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Government Actions Send Conflicting Signals for Microsoft-Activision Blizzard Merger

Antitrust litigation could not only jeopardize the deal for the two entertainment giants, but also present new union issues.

Antitrust litigation between Microsoft, Activision Blizzard and the Federal Trade Commission is in full swing, but a series of conflicting events make the future of gaming’s largest merger uncertain. 

Filed in early December as an FTC adjudicative proceeding and not in federal court, the lawsuit could not just jeopardize the deal for the two entertainment giants—but also present new issues for a set of unionizing bodies within the walls of Activision Blizzard. 

Crucially, because the suit is not filed in federal court, the FTC and its commissioners, including longtime antitrust scholar and now FTC chairwoman Lina Khan, get the final say. Should the administrative judge rule in Activision Blizzard and Microsoft’s favor, the FTC could appeal—to itself.

That process, Microsoft and Activision Blizzard argued in their initial responses, is unconstitutional, harkening back to another case before the Supreme Court which called the FTC the “prosecutor, judge and jury.” 

As of Tuesday, there were no “substantive” settlement talks between Activision Blizzard, Microsoft and the FTC, according to FTC attorney James Weingarten, and as reported by Bloomberg’s Leah Nylen

But a Thursday amendment to Microsoft and Activision Blizzard’s responses to the suit might suggest otherwise.

As first reported by Axios, Microsoft and Activision Blizzard withdrew their argument about the constitutionality of the FTC’s adjudication process. A Microsoft public affairs person told Axios that argument was a mistake. Withdrawing that aggressive line of argument, however, suggests that discussions between Microsoft, Activision Blizzard and the FTC may be trending more positively than previously reported. 

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While much of the focus of the proposed merger is on how Microsoft's takeover of Activision Blizzard’s rich intellectual property, such as “Call of Duty,” would affect competition in the gaming industry, there is another narrative much less covered. That is the employees. 

There is a trend of unionization at Activision Blizzard right now. A set of quality assurance employees at Raven Software, who work on titles such as “Warzone,” unionized in May. Blizzard Albany followed suit in December. In previous communication, the organizers behind A Better Activision Blizzard King, an advocacy organization consisting of current and former employees, intimated that they hope to unionize, too.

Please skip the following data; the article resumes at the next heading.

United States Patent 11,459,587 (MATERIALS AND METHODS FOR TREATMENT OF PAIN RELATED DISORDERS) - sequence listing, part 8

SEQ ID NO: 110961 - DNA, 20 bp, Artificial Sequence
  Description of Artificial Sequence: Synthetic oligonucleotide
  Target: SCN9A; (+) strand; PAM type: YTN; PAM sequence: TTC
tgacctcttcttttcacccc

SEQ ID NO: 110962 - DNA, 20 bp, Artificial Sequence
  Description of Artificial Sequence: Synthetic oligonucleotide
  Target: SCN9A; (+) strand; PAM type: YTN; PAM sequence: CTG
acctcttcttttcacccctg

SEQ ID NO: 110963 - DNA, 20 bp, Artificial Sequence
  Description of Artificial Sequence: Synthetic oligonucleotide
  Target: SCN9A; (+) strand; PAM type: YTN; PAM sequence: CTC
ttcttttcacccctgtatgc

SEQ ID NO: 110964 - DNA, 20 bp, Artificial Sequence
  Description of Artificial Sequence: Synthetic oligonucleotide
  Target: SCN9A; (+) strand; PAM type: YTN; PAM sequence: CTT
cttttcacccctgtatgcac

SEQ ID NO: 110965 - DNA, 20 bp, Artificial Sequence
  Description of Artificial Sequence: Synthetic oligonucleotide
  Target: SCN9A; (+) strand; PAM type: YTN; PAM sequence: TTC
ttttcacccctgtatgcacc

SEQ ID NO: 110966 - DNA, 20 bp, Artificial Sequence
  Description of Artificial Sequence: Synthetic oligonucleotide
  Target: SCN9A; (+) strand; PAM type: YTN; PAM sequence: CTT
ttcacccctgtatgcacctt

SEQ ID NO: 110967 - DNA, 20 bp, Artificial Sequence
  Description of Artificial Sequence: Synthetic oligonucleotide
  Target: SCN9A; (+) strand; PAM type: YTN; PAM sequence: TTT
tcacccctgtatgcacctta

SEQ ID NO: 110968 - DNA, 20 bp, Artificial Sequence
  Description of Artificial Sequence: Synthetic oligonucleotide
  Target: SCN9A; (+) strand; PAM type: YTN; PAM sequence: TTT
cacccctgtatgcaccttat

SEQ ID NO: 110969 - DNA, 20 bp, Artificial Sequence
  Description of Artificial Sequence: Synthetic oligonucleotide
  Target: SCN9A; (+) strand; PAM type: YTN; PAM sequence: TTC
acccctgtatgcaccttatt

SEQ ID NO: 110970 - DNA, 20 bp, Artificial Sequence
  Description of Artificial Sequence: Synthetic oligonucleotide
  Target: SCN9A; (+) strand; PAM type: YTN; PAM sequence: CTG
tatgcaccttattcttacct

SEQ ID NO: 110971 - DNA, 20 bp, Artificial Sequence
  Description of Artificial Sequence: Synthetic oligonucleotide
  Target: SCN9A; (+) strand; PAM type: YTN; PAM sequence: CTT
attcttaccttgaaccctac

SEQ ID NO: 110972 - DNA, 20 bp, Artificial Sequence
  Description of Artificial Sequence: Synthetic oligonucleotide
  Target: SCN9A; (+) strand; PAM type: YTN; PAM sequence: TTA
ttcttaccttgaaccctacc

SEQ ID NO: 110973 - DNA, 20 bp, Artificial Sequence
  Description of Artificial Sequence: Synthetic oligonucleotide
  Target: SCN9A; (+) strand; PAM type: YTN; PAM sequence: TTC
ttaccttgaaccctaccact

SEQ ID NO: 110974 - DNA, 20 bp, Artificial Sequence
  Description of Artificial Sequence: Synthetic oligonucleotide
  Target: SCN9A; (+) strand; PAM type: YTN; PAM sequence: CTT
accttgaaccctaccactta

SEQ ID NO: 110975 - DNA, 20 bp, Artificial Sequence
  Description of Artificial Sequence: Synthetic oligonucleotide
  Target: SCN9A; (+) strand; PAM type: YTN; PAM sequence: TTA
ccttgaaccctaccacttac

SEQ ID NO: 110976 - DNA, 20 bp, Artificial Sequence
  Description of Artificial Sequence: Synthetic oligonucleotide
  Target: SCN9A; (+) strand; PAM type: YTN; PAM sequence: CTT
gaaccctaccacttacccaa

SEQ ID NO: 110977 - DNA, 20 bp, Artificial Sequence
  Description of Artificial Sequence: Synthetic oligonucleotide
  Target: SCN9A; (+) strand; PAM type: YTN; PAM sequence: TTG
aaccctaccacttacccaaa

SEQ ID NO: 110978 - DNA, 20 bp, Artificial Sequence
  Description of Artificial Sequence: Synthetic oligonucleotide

But the response to unions from Activision Blizzard has not been pretty. When Raven moved to unionize, the company issued a statement that it did not see it fair that a smaller group of employees decided for the entire studio. In August, the Blizzard Albany union organizers accused the company of union busting, hiring law firm Reed Smith to undermine their union efforts. 

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In October, the National Labor Relations Board found that the company retaliated against the Raven workers, withholding compensation changes (an allegation that Activision Blizzard says is mischaracterized). 

In contrast, Microsoft made a commitment in 2022 to recognize employee unions and struck a “labor neutrality” deal with the Communications Workers of America (CWA). Both the Raven and Blizzard Albany unions are part of the CWA. 

While interview requests I’ve made with Raven and A Better ABK representatives have been declined, several employees I’ve spoken with, who’ve asked to remain anonymous, are fearful of what might happen should the FTC shoot down the deal. Microsoft has shown good progress toward labor relations, they say, much more than Activision Blizzard CEO Bobby Kotick and his current executive staff. 

On Thursday, the CWA voiced its support for the merger to move forward as continued, supporting the stance of those employees. 

As it stands, the future of the Microsoft–Activision Blizzard deal is as good as anyone’s guess, due to conflicting messaging and actions. But there’s one thing for certain: Consumer harm isn’t the only matter at stake.